- God promises he loves you. Cameron, a 15-year-old high school student, made a testimonial video for his church youth group. In it he shared, “Most of you know me as the really happy, crazy kid. What you don't know is that for the majority of my life I've struggled with depression. ... I thought ending (my life) would be better than living another day where I was ... . (God's) given me a new hope.”
- You will wreck the people who love you. Alexis, 17, who lost a best friend to suicide: “My reason 'why not' is this: for the people who love you because you leave so much hurt to the ones who loved you the most and they don't deserve that.” Their mutual friend Jeremy, also 17, agreed: “The reason why not to me is simply this. You don't realize how many people will miss you when you're gone and what you mean to people.” Mack, 17, observed, “Suicide passes that pain on to the people who love that person.”
- Death shouldn’t be on your terms. “No one should ever have to experience the untimely loss of someone they love,” said 20-year-old Will. “When my mom died I thought I did, too. There were so many things that never got to be said. I would never make that someone's reality on purpose.” David, 18 and soon to graduate high school, said: “God is the only one with the authority to decide when we die.”
- Life gets better. Hold on. Speaking of his experiences, Justin shared: “Teens that are contemplating suicide need to know that there are people who do love them and just need to hold on another day. It will get better.”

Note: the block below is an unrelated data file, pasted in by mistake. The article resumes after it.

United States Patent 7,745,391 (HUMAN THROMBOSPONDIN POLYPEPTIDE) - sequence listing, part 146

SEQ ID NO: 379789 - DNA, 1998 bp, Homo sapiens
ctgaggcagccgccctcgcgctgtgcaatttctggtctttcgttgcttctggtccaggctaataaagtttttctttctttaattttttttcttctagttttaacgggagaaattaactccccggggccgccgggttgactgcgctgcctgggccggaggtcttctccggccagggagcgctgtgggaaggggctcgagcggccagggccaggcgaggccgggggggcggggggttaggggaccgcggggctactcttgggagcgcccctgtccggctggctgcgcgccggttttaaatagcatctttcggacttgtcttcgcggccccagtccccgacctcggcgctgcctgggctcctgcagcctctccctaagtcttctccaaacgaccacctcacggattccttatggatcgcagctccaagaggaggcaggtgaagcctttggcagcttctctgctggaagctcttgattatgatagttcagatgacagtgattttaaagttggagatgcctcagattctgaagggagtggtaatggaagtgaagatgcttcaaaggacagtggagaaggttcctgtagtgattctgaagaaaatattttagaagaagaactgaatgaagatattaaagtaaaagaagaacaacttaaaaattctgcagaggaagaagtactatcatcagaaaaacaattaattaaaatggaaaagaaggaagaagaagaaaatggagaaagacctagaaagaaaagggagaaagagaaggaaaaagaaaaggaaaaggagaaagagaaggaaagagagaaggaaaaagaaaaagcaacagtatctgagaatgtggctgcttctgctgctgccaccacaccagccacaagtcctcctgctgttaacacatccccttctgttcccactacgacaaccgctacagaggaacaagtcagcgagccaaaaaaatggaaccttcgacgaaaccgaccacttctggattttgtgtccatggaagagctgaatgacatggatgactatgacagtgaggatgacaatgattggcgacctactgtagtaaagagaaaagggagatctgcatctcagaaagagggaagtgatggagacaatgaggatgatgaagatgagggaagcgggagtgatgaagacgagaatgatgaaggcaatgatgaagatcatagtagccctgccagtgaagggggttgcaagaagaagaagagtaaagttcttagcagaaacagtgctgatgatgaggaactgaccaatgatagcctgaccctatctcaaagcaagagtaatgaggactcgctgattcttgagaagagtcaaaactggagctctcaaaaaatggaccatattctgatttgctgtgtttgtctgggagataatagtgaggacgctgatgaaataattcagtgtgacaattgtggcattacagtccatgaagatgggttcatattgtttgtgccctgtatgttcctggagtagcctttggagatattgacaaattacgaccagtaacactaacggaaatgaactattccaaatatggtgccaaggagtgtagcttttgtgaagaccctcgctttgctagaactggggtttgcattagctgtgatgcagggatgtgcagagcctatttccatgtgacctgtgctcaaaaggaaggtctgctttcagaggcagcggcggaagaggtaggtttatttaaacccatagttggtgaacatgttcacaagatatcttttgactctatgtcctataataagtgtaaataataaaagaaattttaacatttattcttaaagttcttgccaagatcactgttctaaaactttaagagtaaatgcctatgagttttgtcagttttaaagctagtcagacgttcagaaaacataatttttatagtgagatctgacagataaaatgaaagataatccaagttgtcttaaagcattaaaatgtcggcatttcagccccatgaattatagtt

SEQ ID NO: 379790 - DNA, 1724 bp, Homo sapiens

- Problems are temporary. Suicide is permanent. Emily, a 19-year-old college student, said, “it’s not gonna be like this forever. Especially to teens I would say that they have many more years to come and how they feel right now might not be how they feel in a year or more. They would be resolving their issues with a permanent solution to a temporary problem.”
- Your life is a story. Live to tell all of it. AJ, in middle school and on the verge of becoming a teen, said, “Our life is like a book. There are good parts and bad parts, but if you just stop reading you never get to know how the story ends. What if the ending is really, really good and you totally miss it because the middle sucked for a while?”
- Someone out there knows exactly how you feel. Katie A. shared, “Talk to someone about what you’re feeling because there's a 100% chance that someone you know is going through the same exact thing.” Justin said, “It's hard to tell someone that you’re depressed because you don't know how they are going to react, but speaking up is the first step.”
- You have a future full of possibilities. Emily said, “You have your entire future to meet new people and be anything you want to be.” Mack summarized, “There is so much to live for past the stressful situations in high school. Everything gets better with age.”
Whether it takes places in schools, businesses or other organizations, bullying can have grave consequences. Family Design Resources can help you prevent it. For information on how our experts can assist with training and consultation to prevent bullying , please contact the program office at 717-236-8570.